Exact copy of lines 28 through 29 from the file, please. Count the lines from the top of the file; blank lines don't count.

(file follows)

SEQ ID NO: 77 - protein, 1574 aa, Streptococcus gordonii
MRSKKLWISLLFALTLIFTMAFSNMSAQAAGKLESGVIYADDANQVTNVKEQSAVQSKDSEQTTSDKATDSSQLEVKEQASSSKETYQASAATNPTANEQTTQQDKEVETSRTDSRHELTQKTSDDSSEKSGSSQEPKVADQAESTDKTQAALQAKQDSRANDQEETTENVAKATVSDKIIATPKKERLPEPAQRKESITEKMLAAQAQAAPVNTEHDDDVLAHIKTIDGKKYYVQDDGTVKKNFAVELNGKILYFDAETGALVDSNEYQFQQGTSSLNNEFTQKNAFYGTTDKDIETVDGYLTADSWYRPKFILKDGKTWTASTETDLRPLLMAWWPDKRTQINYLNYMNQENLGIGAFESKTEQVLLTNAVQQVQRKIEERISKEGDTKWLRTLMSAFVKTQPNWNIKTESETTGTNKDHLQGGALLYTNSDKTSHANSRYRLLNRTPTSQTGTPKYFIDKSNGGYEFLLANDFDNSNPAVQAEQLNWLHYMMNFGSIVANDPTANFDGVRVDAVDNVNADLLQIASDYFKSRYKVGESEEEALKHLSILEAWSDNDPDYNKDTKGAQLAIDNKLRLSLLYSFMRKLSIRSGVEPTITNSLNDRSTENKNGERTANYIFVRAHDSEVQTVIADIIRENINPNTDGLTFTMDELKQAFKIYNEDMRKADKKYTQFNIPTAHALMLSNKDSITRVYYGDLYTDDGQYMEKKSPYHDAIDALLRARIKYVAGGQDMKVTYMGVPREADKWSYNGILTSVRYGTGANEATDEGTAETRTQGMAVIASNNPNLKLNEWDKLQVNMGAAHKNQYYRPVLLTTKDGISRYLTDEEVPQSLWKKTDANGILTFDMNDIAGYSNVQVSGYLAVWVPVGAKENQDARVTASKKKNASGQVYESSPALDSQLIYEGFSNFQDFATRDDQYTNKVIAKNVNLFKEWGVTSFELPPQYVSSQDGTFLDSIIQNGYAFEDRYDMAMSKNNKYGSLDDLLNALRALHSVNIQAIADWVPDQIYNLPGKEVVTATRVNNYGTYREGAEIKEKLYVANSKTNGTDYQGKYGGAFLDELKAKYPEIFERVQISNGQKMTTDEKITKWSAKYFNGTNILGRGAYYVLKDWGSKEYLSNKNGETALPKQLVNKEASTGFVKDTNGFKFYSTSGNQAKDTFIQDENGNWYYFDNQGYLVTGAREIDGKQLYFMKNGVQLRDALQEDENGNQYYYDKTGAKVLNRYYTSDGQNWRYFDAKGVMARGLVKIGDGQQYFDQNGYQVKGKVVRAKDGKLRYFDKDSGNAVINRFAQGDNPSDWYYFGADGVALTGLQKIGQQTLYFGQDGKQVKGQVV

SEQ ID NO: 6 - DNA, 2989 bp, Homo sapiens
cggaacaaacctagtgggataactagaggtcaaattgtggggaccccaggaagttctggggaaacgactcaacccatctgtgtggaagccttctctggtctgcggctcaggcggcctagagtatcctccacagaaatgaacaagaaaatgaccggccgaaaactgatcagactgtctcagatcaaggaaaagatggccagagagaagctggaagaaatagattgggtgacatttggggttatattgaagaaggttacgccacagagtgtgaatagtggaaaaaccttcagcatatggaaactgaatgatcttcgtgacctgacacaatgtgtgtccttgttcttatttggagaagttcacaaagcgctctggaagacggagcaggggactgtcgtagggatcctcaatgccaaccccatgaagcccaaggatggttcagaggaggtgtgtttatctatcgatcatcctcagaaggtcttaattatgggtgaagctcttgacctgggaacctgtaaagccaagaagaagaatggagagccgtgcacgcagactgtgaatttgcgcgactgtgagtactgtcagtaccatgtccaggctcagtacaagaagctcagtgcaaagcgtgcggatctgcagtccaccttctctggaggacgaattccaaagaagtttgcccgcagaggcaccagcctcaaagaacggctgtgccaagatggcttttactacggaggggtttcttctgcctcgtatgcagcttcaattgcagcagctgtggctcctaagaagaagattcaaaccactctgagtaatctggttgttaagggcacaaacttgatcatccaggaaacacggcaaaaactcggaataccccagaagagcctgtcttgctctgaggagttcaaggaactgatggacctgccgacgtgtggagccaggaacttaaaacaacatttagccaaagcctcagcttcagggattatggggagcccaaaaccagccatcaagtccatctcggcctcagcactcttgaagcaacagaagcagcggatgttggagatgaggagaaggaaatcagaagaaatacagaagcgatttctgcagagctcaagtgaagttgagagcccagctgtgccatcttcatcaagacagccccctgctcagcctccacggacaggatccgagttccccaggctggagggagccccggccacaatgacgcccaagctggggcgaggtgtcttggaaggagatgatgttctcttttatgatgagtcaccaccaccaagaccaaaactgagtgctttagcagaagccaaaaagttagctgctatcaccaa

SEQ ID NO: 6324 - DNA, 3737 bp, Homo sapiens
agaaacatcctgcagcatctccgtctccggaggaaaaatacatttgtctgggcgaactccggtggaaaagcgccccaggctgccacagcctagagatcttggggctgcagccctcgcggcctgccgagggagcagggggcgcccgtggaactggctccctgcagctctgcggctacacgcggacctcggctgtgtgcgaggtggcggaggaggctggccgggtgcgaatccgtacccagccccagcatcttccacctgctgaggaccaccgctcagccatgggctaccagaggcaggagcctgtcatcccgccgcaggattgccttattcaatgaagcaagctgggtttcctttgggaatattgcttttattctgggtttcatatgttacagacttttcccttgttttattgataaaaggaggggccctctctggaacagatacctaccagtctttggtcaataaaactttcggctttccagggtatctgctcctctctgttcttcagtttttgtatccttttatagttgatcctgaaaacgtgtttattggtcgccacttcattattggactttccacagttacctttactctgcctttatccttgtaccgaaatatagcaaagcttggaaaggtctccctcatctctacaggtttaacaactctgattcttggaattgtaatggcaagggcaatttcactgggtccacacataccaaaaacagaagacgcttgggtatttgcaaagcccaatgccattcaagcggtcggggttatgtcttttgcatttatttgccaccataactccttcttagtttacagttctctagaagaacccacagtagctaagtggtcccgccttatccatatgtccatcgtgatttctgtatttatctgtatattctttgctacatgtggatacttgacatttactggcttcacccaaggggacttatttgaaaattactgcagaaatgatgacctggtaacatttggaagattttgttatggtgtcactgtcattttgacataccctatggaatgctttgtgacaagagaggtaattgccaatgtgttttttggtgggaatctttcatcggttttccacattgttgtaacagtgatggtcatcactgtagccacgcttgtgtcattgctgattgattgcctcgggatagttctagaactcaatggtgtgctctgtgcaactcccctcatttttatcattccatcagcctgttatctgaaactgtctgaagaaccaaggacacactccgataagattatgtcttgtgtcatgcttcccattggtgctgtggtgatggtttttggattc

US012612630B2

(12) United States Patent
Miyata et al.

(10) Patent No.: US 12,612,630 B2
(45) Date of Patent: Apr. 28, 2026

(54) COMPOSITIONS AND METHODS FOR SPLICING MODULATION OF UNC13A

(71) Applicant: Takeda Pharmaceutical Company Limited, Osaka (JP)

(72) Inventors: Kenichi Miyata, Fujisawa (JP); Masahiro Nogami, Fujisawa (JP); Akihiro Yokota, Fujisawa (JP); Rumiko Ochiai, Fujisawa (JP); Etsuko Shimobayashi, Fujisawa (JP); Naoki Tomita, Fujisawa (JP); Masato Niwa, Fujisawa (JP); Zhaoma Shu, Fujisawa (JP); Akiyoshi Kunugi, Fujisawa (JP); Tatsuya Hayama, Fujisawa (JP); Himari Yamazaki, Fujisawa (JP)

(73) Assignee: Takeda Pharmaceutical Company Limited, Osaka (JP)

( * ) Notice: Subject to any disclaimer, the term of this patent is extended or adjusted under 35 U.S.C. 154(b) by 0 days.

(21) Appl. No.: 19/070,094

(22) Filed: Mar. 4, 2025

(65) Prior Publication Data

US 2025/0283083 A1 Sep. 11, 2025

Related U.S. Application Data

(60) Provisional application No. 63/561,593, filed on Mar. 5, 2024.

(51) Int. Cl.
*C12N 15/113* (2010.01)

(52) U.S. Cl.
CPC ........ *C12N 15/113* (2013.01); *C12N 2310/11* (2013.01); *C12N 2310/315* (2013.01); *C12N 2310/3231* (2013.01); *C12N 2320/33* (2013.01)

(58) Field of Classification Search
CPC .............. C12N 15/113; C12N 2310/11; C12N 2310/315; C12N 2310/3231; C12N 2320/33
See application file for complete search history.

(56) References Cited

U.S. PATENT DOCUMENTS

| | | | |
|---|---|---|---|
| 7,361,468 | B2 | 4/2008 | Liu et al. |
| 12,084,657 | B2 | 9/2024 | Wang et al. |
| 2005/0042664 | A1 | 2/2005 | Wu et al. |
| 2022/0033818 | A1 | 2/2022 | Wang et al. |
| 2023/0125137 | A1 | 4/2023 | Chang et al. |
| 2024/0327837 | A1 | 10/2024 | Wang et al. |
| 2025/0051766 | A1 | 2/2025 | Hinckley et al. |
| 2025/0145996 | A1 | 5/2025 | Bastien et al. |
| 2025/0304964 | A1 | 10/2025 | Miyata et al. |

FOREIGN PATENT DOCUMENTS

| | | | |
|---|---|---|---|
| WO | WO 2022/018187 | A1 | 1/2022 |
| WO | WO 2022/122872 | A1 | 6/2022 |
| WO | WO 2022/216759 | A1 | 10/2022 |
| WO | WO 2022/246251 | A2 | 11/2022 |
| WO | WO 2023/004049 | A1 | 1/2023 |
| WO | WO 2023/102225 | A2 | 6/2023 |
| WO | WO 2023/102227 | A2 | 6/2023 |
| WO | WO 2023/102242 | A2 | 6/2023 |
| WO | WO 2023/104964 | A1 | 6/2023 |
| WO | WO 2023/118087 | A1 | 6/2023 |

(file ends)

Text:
CPC .............. C12N 15/113; C12N 2310/11; C12N 2310/315; C12N 2310/3231; C12N 2320/33
See application file for complete search history.